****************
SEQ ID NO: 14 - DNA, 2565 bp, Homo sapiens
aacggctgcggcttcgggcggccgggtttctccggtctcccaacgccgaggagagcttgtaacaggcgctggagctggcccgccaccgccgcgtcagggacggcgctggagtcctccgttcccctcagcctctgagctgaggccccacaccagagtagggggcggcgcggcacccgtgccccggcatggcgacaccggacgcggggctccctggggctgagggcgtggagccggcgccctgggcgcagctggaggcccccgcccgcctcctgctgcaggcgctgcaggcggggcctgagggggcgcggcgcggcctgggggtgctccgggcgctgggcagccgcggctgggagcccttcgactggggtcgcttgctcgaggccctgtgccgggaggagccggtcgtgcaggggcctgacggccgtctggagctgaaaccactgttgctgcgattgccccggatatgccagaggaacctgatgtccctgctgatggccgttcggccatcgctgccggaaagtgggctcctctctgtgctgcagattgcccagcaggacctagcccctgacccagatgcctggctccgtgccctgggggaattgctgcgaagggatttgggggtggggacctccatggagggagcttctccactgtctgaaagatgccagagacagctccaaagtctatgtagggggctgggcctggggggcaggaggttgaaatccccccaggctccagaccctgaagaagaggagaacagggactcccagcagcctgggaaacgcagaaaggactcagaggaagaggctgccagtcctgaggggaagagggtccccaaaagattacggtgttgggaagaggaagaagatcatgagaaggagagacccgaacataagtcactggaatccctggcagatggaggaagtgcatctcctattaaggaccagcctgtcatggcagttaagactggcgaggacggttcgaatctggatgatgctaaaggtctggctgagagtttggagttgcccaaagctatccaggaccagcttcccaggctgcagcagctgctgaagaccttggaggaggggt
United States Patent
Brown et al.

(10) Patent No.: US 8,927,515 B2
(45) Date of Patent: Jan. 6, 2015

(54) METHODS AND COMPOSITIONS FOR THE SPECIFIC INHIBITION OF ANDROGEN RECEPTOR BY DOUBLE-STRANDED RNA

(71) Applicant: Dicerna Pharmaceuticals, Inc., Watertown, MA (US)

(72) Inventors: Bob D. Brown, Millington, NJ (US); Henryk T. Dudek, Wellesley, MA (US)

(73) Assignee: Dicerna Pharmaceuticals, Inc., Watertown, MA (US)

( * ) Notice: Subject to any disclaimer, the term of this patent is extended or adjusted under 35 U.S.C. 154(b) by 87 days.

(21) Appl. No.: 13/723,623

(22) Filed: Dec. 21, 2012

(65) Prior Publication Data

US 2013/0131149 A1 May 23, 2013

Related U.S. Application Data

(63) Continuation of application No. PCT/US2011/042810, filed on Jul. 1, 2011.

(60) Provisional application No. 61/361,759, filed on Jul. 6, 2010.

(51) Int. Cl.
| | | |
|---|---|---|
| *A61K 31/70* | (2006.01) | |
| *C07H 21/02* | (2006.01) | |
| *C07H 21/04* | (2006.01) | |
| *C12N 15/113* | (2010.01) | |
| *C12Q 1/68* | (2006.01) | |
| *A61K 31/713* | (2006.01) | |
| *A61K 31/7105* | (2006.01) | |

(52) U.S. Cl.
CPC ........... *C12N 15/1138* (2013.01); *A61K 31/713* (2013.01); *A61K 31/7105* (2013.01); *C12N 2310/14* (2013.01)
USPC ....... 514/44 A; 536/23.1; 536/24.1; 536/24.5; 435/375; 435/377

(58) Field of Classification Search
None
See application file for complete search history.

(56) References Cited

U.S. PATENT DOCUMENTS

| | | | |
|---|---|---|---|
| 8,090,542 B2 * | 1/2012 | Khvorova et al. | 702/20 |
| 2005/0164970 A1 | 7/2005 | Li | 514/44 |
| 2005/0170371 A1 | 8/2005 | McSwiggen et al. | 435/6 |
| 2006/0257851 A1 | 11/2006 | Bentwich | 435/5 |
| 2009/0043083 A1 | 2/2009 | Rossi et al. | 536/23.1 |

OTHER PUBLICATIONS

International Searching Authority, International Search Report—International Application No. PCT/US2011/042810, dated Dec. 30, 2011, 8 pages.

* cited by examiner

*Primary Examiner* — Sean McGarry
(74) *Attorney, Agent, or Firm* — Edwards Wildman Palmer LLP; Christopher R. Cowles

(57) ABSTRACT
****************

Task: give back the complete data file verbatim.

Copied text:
SEQ ID NO: 14 - DNA, 2565 bp, Homo sapiens
aacggctgcggcttcgggcggccgggtttctccggtctcccaacgccgaggagagcttgtaacaggcgctggagctggcccgccaccgccgcgtcagggacggcgctggagtcctccgttcccctcagcctctgagctgaggccccacaccagagtagggggcggcgcggcacccgtgccccggcatggcgacaccggacgcggggctccctggggctgagggcgtggagccggcgccctgggcgcagctggaggcccccgcccgcctcctgctgcaggcgctgcaggcggggcctgagggggcgcggcgcggcctgggggtgctccgggcgctgggcagccgcggctgggagcccttcgactggggtcgcttgctcgaggccctgtgccgggaggagccggtcgtgcaggggcctgacggccgtctggagctgaaaccactgttgctgcgattgccccggatatgccagaggaacctgatgtccctgctgatggccgttcggccatcgctgccggaaagtgggctcctctctgtgctgcagattgcccagcaggacctagcccctgacccagatgcctggctccgtgccctgggggaattgctgcgaagggatttgggggtggggacctccatggagggagcttctccactgtctgaaagatgccagagacagctccaaagtctatgtagggggctgggcctggggggcaggaggttgaaatccccccaggctccagaccctgaagaagaggagaacagggactcccagcagcctgggaaacgcagaaaggactcagaggaagaggctgccagtcctgaggggaagagggtccccaaaagattacggtgttgggaagaggaagaagatcatgagaaggagagacccgaacataagtcactggaatccctggcagatggaggaagtgcatctcctattaaggaccagcctgtcatggcagttaagactggcgaggacggttcgaatctggatgatgctaaaggtctggctgagagtttggagttgcccaaagctatccaggaccagcttcccaggctgcagcagctgctgaagaccttggaggaggggt
United States Patent
Brown et al.

(10) Patent No.: US 8,927,515 B2
(45) Date of Patent: Jan. 6, 2015

(54) METHODS AND COMPOSITIONS FOR THE SPECIFIC INHIBITION OF ANDROGEN RECEPTOR BY DOUBLE-STRANDED RNA

(71) Applicant: Dicerna Pharmaceuticals, Inc., Watertown, MA (US)

(72) Inventors: Bob D. Brown, Millington, NJ (US); Henryk T. Dudek, Wellesley, MA (US)

(73) Assignee: Dicerna Pharmaceuticals, Inc., Watertown, MA (US)

( * ) Notice: Subject to any disclaimer, the term of this patent is extended or adjusted under 35 U.S.C. 154(b) by 87 days.

(21) Appl. No.: 13/723,623

(22) Filed: Dec. 21, 2012

(65) Prior Publication Data

US 2013/0131149 A1 May 23, 2013

Related U.S. Application Data

(63) Continuation of application No. PCT/US2011/042810, filed on Jul. 1, 2011.

(60) Provisional application No. 61/361,759, filed on Jul. 6, 2010.

(51) Int. Cl.
| | | |
|---|---|---|
| *A61K 31/70* | (2006.01) | |
| *C07H 21/02* | (2006.01) | |
| *C07H 21/04* | (2006.01) | |
| *C12N 15/113* | (2010.01) | |
| *C12Q 1/68* | (2006.01) | |
| *A61K 31/713* | (2006.01) | |
| *A61K 31/7105* | (2006.01) | |

(52) U.S. Cl.
CPC ........... *C12N 15/1138* (2013.01); *A61K 31/713* (2013.01); *A61K 31/7105* (2013.01); *C12N 2310/14* (2013.01)
USPC ....... 514/44 A; 536/23.1; 536/24.1; 536/24.5; 435/375; 435/377

(58) Field of Classification Search
None
See application file for complete search history.

(56) References Cited

U.S. PATENT DOCUMENTS

| | | | |
|---|---|---|---|
| 8,090,542 B2 * | 1/2012 | Khvorova et al. | 702/20 |
| 2005/0164970 A1 | 7/2005 | Li | 514/44 |
| 2005/0170371 A1 | 8/2005 | McSwiggen et al. | 435/6 |
| 2006/0257851 A1 | 11/2006 | Bentwich | 435/5 |
| 2009/0043083 A1 | 2/2009 | Rossi et al. | 536/23.1 |

OTHER PUBLICATIONS

International Searching Authority, International Search Report—International Application No. PCT/US2011/042810, dated Dec. 30, 2011, 8 pages.

* cited by examiner

*Primary Examiner* — Sean McGarry
(74) *Attorney, Agent, or Firm* — Edwards Wildman Palmer LLP; Christopher R. Cowles

(57) ABSTRACT